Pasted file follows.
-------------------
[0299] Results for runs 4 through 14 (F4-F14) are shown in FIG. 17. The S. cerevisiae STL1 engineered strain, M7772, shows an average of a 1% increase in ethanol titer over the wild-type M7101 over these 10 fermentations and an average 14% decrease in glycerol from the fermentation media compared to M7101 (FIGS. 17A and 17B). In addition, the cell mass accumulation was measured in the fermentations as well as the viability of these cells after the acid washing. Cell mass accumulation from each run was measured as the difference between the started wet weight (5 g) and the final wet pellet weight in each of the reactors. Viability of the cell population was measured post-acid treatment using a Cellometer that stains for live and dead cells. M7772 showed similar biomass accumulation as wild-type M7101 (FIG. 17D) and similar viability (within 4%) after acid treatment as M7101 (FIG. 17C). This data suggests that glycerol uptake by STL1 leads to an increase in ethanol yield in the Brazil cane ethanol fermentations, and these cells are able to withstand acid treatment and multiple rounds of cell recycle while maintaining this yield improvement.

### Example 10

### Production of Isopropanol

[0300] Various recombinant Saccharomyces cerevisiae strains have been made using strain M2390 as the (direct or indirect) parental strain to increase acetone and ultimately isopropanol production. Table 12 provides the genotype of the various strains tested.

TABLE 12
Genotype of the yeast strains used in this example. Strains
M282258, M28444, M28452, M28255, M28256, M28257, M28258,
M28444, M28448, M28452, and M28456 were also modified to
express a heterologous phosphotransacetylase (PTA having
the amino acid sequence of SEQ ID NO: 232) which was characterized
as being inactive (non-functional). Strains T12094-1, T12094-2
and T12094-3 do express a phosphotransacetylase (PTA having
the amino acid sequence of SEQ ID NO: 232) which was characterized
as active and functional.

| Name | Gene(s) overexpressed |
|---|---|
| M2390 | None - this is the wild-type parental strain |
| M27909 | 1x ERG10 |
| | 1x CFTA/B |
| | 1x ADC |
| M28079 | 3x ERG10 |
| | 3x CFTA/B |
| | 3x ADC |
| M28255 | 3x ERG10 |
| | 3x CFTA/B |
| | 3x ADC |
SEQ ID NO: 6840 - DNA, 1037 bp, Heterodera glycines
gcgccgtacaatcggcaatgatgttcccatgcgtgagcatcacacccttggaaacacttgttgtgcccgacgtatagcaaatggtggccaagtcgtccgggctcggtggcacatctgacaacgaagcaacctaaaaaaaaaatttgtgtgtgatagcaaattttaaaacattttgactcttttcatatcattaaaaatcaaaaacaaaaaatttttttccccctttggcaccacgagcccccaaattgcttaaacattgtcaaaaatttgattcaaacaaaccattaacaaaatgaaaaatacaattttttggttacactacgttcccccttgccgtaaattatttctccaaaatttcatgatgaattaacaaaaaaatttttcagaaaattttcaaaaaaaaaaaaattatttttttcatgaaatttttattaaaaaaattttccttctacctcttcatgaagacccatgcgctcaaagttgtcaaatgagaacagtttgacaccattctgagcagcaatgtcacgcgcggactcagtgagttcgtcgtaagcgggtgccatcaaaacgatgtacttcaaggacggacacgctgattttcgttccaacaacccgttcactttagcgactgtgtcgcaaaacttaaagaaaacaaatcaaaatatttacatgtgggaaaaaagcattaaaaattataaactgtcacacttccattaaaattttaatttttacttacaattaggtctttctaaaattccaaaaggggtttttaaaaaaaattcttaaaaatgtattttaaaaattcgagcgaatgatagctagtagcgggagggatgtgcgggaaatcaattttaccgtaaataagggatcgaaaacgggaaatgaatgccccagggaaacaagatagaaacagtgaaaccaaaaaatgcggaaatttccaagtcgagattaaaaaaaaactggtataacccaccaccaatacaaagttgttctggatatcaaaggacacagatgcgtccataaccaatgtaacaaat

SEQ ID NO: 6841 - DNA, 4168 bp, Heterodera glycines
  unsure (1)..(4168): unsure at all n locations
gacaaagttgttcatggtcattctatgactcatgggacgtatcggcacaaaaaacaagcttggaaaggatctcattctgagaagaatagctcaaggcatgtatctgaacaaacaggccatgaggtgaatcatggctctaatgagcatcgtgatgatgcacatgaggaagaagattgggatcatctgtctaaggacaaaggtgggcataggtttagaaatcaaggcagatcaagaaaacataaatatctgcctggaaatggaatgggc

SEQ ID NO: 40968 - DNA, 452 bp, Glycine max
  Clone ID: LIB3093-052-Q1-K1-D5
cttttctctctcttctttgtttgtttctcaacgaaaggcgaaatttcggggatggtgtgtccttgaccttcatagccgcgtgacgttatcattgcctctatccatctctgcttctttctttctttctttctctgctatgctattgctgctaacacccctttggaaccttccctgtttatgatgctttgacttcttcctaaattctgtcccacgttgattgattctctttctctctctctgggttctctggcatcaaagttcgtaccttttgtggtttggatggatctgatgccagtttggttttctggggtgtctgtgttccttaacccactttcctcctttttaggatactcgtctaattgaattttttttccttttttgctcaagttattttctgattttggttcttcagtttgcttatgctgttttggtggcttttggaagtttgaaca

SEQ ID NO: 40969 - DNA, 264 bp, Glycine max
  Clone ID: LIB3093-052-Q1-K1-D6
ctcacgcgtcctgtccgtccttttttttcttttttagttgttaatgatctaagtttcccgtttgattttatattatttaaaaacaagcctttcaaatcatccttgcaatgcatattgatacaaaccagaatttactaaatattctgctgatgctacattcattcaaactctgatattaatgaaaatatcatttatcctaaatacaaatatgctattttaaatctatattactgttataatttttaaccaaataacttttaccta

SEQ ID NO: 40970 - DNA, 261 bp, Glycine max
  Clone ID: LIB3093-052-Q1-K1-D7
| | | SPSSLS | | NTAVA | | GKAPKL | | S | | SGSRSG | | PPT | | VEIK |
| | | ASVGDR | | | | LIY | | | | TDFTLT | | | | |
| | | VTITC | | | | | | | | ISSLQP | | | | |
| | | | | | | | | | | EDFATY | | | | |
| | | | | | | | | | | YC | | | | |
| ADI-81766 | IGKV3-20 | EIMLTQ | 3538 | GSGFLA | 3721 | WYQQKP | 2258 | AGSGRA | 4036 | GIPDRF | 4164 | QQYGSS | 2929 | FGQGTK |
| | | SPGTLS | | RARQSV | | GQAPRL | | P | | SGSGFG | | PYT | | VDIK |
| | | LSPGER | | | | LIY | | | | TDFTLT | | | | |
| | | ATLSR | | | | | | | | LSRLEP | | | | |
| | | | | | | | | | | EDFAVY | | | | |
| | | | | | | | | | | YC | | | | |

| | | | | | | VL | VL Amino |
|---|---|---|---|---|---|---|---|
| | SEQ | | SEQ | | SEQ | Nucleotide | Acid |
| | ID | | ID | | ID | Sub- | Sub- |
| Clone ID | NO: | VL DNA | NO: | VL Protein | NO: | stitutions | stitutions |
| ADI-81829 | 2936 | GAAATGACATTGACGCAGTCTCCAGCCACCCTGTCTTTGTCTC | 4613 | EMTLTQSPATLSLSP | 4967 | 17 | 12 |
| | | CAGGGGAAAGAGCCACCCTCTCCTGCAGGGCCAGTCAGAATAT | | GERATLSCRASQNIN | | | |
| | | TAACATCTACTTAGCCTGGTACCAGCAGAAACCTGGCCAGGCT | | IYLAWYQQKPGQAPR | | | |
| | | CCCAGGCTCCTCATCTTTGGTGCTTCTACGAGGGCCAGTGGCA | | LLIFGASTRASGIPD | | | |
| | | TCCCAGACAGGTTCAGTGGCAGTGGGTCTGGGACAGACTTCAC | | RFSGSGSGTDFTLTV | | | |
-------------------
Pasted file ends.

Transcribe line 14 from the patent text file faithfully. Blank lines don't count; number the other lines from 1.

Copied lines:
as active and functional.